Rosehill Reservoir Upgrades – Heritage Impact Assessment, Pavilion and Landscape

Rosehill Reservoir Upgrades – Heritage Impact Assessment, Pavilion and Landscape

As a sub-consultant to Associated Engineering, BSA provided a Heritage Impact Assessment for the Rosehill Reservoir site, one of Toronto’s first parks and later reservoir. This work informed subsequent landscape and architectural consultant services, including a sensitive landscape design and public pavilion along with heritage design directions for the existing Valve House and Access House.

Designed in close consultation with the local residents, the park features new cycling and pedestrian paths, a linear network of perimeter trees, a public washroom building, and shaded seating areas.

Heritage Impact Assessment

Brown and Storey Architects prepared a Heritage Impact Assessment Study for the Rosehill Reservoir site as part of Associated Engineering’s rehabilitation and retrofit work. The Rosehill Reservoir site has a rich history as a primary open air reservoir in the city of Toronto and later designed as a modernist park space and plaza on top of a covered structure.

Rosehill Reservoir. Source: City of Toronto Archives

The key when assessing the heritage aspect of the site is in reconciling all these historical iterations and coming up with a plan to both re-invent and preserve the prominent aspects of the site. The study was well received by the city and various heritage groups interested in the site and its recommendations were considered during construction. View the full report here.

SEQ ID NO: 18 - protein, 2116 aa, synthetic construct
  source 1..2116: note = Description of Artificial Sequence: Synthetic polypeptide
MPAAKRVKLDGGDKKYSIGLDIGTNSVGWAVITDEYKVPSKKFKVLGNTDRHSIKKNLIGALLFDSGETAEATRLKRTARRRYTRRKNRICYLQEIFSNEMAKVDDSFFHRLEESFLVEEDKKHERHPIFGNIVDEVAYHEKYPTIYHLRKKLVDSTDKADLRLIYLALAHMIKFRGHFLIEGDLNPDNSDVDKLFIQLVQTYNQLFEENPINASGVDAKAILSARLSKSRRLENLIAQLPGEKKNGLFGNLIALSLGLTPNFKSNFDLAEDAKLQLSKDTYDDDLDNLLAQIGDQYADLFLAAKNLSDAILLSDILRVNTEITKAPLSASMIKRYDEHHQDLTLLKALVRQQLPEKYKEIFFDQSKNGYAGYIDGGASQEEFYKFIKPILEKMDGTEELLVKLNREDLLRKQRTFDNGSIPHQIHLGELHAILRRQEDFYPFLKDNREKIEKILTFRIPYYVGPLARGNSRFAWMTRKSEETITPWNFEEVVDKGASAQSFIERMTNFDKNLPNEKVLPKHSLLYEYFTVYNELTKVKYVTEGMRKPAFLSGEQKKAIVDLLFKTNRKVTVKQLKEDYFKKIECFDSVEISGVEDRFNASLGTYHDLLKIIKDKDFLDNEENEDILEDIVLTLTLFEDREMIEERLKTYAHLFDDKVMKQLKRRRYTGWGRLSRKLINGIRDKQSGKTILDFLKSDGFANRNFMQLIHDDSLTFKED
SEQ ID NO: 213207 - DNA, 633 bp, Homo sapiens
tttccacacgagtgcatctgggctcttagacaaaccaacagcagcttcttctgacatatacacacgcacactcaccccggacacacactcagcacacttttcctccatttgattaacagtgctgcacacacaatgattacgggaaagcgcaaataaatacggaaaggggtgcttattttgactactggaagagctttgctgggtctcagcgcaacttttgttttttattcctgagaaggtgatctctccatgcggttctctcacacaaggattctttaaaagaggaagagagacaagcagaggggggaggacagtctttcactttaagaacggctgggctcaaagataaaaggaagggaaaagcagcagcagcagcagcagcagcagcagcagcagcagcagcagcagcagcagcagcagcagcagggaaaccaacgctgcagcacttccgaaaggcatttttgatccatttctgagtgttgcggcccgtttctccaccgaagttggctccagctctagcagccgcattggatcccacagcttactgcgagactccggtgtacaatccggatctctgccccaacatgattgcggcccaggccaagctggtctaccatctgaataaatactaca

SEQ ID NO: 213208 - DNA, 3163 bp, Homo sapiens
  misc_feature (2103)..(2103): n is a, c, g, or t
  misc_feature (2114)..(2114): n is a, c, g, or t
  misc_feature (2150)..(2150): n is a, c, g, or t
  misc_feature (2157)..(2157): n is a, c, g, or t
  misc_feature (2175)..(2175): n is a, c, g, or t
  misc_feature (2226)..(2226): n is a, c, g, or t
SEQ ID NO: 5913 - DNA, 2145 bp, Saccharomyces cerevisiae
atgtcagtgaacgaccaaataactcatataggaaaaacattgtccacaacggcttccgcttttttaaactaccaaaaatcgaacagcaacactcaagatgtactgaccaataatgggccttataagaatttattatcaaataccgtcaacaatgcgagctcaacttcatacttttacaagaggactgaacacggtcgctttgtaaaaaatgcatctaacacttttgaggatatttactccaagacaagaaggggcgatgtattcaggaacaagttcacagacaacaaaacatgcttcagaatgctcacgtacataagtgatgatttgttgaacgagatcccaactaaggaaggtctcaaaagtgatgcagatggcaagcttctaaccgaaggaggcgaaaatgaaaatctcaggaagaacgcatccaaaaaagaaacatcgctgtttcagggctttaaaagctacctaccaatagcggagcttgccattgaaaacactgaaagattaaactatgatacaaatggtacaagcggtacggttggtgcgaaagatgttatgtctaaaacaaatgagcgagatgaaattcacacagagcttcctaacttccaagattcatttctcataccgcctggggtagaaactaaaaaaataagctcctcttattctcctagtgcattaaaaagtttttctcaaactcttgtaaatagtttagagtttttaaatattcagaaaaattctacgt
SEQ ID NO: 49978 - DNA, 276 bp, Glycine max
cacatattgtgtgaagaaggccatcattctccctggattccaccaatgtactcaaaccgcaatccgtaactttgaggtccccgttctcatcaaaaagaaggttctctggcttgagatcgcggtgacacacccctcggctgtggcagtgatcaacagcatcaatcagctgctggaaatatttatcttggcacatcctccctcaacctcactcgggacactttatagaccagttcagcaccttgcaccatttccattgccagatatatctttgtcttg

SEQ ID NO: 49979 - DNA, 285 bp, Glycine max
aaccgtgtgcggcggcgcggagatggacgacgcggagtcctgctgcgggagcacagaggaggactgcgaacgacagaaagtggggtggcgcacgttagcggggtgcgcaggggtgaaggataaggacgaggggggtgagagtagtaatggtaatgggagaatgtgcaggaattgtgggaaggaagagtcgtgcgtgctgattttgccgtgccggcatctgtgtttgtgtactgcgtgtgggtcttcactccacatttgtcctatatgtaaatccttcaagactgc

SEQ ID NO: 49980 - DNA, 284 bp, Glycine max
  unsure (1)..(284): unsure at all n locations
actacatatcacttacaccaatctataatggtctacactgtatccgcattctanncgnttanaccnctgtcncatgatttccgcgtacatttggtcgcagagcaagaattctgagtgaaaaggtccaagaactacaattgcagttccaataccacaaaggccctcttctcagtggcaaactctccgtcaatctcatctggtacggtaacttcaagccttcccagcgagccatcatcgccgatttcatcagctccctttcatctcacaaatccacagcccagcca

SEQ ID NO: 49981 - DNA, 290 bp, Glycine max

Washroom Pavilion

Although the original washroom building from the 1960’s was not able to be preserved during the City’s rehabilitation work of the Rosehill Reservoir, the new washroom building pays homage to the original building with its upturned roof eaves. The washroom building also includes a water bottle refill station, expanded storage areas, and covered seating areas.

Perimeter Landscape

A variety of primarily native plants have been selected to provide a wide range of forage opportunities for pollinator species, inclusive of insectivores, frugivores and granivores. The new plantings enrich the ecosystem, provide a variety of spatial experiences throughout the seasons, and support wayfinding and circulation within the large urban park.

Centennial Monument and Water Feature

The rehabilitation work on the Rosehill Reservoir required the temporary removal of the Centennial Monument water feature. Brown and Storey’s Heritage Impact Assessment identified contextual priorities for reinstatement of the monument as follows:

  • continued association with the Rosehill Reservoir;
  • a formal, hard surfaced plaza that communicates the public value of the conserved elements;
  • a mounting that, through elevation and position, preserves the designed views of the sculpture from below and from the interior of the parabolic arch

Trellises, Benches, and Screens